Contact 5 Special Report: Playground Dangers

Broken parts, missing equipment, exposed nails

WEST PALM BEACH, Fla. - Broken metal, cracked plastic and exposed nails.

These are just a few of the problems the Contact 5 investigators discovered at area playgrounds.

Carl Abraham is a recreational safety consultant who has testified in hundreds of playground injury cases.

He says the most common playground peril is under your feet.

The United States Consumer Product Safety Commission and the American Society for Testing and Materials have standards for safe surfacing cover that include 12 inches of fresh mulch, pea gravel, sand, rubber mulch or wood chips. 

"If a child falls and the surface isn't right, a child can wind up with head injuries.  It's very serious.  It happens all the time," Abraham told the Contact 5 Investigators. 

"I'm like 'oh my God, oh my God,' and 'umm, I'm sorry,' " said Tara Saxon who knows all about head injuries on the playground.  Her seven-year-old son was hospitalized after, she says, he tripped on a concrete section of playground while in aftercare.  Saxon is now suing the daycare.

"It was shocking to me that this could actually happen," she said. "I was just devastated."

Three years later, her son John still struggles with memory loss, and according to his doctor, it may continue for the rest of his life.

"I'm just lucky he's alive," Saxon said.

John is one of an estimated 200,000 children nationwide, according to the CPSC, who, each year enter the playground and land in a hospital emergency room.

"There are no perfect playgrounds," Abraham said. "There are safe playgrounds where the risks are essentially small."

After visiting dozens of playgrounds in Palm Beach County and along the Treasure Coast, the Contact 5 Investigators invited Abraham to see what we found.

Click here to view inspection results and playground location in your area.

In Riviera Beach, not far from the newly restored Wells Recreation Center and newly designed municipal playground on Singer Island, is Monroe Heights Park.

"I can see right away there are problems here," said Abraham who pointed to the dirt surface as a top concern.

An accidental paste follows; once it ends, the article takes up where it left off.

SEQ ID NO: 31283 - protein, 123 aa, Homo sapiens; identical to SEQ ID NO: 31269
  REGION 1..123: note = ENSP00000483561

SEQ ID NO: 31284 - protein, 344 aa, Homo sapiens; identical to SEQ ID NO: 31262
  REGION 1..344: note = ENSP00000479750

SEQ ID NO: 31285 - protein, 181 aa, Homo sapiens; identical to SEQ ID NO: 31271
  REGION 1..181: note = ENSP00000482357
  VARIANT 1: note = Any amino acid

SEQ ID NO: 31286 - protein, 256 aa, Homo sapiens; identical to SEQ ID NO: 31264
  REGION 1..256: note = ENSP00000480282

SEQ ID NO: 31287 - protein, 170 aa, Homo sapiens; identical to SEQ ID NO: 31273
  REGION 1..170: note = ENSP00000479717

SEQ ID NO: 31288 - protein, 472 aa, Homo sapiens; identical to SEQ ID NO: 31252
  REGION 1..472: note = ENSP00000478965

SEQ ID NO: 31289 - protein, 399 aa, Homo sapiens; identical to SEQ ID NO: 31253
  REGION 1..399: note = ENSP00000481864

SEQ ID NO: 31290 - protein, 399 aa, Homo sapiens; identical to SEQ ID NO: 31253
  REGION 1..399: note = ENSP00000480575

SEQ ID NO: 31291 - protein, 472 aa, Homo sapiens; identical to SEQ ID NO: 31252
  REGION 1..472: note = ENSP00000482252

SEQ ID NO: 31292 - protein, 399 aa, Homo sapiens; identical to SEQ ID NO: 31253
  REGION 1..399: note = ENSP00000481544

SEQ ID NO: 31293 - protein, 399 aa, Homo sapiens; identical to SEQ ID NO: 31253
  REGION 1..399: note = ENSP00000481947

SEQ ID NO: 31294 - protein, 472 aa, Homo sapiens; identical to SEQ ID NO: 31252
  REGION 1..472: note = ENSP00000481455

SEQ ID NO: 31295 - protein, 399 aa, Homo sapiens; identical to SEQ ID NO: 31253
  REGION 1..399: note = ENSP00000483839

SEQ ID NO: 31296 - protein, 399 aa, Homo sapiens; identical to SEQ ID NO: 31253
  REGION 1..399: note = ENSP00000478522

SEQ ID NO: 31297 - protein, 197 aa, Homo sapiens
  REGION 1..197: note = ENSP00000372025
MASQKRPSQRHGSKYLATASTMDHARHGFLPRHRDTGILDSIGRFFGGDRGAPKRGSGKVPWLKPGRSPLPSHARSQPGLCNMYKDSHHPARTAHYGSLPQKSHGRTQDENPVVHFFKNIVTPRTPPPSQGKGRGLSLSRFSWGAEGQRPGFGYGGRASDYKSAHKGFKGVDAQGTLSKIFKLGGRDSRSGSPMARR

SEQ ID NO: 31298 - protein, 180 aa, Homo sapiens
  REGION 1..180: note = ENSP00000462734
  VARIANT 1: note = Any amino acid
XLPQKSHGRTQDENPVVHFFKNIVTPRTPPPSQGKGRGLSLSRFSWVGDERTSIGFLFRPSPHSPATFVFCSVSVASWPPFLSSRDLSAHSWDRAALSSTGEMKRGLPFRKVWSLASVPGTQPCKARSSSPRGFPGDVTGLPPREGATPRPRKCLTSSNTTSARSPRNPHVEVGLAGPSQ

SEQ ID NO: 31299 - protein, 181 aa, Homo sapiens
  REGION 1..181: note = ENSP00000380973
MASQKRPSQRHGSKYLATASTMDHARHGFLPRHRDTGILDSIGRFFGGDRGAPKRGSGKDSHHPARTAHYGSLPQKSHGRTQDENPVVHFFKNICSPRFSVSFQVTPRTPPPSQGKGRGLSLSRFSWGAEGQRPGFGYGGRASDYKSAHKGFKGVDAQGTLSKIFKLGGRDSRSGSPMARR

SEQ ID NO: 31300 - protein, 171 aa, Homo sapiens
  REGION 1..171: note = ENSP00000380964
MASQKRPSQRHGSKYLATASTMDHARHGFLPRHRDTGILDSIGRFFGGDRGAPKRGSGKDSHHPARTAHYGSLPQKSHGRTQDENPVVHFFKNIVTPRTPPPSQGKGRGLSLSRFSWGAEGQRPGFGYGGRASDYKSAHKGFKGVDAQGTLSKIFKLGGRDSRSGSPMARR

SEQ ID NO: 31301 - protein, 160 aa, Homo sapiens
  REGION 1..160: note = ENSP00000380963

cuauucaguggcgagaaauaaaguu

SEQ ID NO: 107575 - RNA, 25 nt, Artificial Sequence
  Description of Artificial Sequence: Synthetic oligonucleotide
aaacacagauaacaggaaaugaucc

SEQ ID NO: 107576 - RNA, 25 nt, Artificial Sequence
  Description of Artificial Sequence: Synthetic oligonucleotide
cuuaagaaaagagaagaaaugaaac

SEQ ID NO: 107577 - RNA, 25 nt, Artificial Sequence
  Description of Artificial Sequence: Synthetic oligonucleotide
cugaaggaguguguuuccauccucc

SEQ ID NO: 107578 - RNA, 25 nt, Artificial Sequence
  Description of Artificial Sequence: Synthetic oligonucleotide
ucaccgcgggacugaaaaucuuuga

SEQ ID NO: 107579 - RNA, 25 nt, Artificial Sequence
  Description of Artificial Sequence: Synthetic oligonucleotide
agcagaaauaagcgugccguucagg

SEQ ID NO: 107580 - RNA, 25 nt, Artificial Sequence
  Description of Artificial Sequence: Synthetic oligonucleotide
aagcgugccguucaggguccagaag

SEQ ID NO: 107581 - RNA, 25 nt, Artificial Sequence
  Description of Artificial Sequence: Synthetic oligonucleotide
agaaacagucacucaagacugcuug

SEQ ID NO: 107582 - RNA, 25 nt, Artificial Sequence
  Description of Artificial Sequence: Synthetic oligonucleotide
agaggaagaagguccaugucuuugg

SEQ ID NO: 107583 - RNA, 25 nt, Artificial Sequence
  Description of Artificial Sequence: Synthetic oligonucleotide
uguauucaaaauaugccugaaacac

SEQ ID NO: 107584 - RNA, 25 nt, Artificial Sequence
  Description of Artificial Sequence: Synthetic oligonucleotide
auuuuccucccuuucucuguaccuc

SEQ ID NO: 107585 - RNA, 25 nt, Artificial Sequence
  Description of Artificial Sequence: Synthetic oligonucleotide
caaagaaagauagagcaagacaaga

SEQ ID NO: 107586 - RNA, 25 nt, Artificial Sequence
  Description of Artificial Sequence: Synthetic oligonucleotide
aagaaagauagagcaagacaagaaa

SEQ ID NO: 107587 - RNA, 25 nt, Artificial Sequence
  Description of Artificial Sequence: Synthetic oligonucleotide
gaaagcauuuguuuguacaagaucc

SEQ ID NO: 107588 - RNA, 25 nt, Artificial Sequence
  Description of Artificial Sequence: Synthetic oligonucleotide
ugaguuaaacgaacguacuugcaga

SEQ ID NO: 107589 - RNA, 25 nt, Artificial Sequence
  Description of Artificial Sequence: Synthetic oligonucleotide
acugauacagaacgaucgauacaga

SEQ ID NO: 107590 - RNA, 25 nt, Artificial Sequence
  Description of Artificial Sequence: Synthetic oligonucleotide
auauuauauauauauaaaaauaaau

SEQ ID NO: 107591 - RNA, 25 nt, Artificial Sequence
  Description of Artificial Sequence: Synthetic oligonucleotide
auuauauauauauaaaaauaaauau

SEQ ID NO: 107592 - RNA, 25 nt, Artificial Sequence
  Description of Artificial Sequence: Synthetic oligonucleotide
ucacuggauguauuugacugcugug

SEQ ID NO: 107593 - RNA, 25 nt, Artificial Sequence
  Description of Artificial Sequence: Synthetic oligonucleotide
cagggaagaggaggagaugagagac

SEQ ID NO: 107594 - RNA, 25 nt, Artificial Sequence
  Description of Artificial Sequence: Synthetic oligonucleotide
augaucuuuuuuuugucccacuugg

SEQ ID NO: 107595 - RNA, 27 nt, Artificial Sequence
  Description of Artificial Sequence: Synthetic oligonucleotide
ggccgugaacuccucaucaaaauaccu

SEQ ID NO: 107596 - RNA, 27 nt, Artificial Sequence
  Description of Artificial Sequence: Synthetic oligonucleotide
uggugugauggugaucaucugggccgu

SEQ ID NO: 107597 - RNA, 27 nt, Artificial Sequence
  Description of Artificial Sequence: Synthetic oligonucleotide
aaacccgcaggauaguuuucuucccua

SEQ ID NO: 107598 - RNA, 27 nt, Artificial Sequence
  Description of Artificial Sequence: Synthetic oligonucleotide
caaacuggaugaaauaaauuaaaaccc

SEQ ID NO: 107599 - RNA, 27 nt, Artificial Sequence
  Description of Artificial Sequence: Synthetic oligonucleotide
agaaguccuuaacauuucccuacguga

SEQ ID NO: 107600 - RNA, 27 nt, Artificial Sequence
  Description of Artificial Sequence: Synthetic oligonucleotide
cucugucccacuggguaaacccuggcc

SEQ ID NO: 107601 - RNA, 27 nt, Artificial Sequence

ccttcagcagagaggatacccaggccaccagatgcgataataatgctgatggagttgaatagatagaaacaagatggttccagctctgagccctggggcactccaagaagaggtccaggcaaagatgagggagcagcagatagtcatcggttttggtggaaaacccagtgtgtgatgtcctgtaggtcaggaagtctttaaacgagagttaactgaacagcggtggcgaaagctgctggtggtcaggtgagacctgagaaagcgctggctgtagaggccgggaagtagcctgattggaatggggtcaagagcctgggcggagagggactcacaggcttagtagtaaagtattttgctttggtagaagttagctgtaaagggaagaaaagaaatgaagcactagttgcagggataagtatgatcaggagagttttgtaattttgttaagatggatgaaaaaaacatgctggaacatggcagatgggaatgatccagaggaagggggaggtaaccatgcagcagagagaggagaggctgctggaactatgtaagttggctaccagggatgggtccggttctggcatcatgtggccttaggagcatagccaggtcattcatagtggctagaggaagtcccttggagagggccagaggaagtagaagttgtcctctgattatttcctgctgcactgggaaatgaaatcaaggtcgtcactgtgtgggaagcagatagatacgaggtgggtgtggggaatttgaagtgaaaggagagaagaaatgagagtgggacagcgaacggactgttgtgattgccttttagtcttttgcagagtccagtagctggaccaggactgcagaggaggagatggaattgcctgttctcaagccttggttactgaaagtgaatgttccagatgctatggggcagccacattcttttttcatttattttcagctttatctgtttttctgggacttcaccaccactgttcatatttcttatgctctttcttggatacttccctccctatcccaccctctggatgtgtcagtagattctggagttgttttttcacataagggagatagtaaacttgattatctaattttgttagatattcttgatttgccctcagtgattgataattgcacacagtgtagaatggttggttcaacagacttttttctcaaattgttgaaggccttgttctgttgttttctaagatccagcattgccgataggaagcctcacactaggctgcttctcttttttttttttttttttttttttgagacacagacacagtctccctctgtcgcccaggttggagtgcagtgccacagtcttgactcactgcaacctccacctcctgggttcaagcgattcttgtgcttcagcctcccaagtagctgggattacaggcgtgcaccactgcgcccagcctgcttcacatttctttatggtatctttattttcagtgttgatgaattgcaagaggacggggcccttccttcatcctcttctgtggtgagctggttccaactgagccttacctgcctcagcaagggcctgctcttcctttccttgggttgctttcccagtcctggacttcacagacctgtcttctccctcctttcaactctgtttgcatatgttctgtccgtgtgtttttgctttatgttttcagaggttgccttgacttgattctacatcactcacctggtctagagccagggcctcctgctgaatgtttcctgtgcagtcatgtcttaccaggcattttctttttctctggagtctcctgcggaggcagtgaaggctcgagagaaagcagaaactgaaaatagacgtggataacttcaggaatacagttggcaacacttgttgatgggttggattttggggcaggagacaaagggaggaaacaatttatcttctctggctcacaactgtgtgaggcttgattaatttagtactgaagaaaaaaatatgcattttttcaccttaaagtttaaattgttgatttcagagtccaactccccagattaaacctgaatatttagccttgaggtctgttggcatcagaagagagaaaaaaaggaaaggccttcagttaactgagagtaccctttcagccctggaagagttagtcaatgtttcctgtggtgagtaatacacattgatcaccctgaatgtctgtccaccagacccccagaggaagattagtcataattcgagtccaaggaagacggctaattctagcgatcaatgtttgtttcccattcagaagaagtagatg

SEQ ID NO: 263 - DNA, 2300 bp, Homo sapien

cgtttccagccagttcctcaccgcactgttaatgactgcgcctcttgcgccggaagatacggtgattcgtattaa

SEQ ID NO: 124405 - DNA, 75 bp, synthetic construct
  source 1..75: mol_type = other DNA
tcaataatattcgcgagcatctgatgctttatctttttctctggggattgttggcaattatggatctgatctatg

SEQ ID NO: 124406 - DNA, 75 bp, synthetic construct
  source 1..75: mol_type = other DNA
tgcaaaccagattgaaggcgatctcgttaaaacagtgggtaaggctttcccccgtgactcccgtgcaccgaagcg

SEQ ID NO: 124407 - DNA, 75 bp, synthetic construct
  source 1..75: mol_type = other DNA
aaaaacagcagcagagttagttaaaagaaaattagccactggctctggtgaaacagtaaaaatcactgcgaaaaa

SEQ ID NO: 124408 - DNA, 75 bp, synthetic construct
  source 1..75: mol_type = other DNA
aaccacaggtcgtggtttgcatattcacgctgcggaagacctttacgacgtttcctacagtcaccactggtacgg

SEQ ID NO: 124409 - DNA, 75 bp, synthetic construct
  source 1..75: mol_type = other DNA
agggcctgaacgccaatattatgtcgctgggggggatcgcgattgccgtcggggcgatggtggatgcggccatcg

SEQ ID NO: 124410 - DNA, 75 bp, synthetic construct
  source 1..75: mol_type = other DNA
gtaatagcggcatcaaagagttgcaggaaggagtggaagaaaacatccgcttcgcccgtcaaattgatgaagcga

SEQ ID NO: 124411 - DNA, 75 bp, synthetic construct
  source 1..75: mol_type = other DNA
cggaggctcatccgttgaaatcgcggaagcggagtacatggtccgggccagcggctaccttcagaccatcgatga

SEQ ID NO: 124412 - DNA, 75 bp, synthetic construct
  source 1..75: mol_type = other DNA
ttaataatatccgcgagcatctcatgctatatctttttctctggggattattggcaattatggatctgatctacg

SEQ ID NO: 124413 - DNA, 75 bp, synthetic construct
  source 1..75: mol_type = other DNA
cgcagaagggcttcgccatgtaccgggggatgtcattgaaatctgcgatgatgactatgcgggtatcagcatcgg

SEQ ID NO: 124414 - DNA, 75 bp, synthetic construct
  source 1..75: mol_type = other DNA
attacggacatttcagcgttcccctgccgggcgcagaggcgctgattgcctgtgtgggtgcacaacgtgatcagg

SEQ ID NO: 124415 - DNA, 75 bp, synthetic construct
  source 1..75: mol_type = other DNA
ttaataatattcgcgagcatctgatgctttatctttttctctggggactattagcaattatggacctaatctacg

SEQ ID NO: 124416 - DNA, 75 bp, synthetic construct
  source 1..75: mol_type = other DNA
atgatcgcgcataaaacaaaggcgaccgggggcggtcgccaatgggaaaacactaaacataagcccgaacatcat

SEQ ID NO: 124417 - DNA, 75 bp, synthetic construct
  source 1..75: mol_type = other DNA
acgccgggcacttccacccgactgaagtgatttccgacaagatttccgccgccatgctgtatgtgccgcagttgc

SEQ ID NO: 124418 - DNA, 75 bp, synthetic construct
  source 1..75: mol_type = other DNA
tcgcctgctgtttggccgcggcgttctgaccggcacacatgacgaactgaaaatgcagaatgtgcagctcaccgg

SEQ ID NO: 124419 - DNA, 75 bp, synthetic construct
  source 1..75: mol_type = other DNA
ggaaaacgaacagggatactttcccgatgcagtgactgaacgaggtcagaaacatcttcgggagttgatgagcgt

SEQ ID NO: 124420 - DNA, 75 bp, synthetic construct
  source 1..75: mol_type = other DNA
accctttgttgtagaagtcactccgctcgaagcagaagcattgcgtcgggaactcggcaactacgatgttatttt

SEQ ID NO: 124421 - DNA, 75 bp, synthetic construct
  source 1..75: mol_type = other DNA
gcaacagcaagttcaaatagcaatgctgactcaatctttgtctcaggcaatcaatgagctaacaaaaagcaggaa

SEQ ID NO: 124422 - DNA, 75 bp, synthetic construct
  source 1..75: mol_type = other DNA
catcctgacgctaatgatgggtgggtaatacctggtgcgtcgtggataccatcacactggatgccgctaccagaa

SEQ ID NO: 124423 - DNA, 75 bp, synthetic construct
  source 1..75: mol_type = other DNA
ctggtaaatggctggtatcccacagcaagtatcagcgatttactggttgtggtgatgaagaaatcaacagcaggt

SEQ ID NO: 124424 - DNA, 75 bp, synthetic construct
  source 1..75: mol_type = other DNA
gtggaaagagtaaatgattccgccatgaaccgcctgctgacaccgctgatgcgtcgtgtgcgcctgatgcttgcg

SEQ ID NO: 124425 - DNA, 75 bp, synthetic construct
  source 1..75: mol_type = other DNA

"This is like a rock, this is unacceptable," he said.

Also a safety concern, according to Abraham, a rocking dinosaur missing its handle and the park's only climbing apparatus was missing several steps.

"There's no defense to this," he said.  "If a child was playing on this and did fall, it's an excellent case against the municipality, without any question.  Either make it safe and bring back new equipment or remove everything."

The Contact 5 Investigators took Abraham's concerns straight to John Williams, Director of the Riviera Beach Parks & Recreation Department.

View inspection results and playground location on this interactive map.

"We try our best to make sure we have some of the best, some of the safest playgrounds in the county," said Williams who also indicated that city playgrounds are inspected every day. 

However, when the Contact 5 Investigators asked for the most recent inspection reports from Monroe Heights, we were provided 2009 records.  Williams said the city was still working on getting us more recent reports. 

As for the problems the Contact 5 Investigators found at Monroe Heights, Williams responded, "It will be taken care of."

Up the street at Cunningham Park, faded caution tape has not taken care of cracked plastic on the playground, rusted and broken parts and the hole in the middle of the slide.. 

When asked how long the city has known about conditions at Cunningham Park, Williams responded, "we've known about Cunningham Park for at least two years."

So why hasn't the city torn this playground down?

"If you go back there now, it has been removed," said Williams.  Days after the Contact 5 Investigators started asking questions about Cunningham Park, the playground was torn down.

Cunningham Park is scheduled to undergo a total renovation this year, according to the city's Parks & Recreation Director. Monroe Heights will, eventually, undergo a renovation.

"It's not like we've sat back for years and not done anything to parks.  It's just that we can't afford to do them all at one time," said Williams.

Time, it appears, has also stood still at Hand Park in Belle Glade.  That's where the Contact 5 Investigators found cracks in a slide, splintered plywood and holes in metal.  But, resting in the middle of the playground, surrounded by children running around, we found a charred log with a 10-inch nail sticking out of it.

Turns out the nail was just one of hundreds of nails sticking out of a burnt canopy hut nearby.

Contact 5 Investigator Katie LaGrone got on the phone with the city that day.

"I want to bring this to somebody's attention right now before another day goes by," she said.

Ten days later the hut and the exposed nails were still at the park.

"We try to keep up on everything but sometimes the little things get by, said city commissioner Larry Underwood who met with us along with Belle Glade's Parks and Recreation Director.

"That was an act of

vandalism that just happened a few days ago," said Underwood.  However, according to the incident report, the canopy went up in flames in March.

Contact 5:  "Commissioner why not tear this thing down?"

"I'll make you a promise, the next time you come out and see this, you won't know this park," said commissioner Underwood.

Days after our interview in Belle Glade, the charred canopy hut was torn down.  Portions of the playground at Hand Park were also shut down until safety concerns are addressed.

According to city leaders, Belle Glade was recently awarded a $200,000 grant that will be used to renovate Hand Park with two new playgrounds, new bathrooms and new basketball courts.

Investigative Producer Lynn Walsh contributed to this story.

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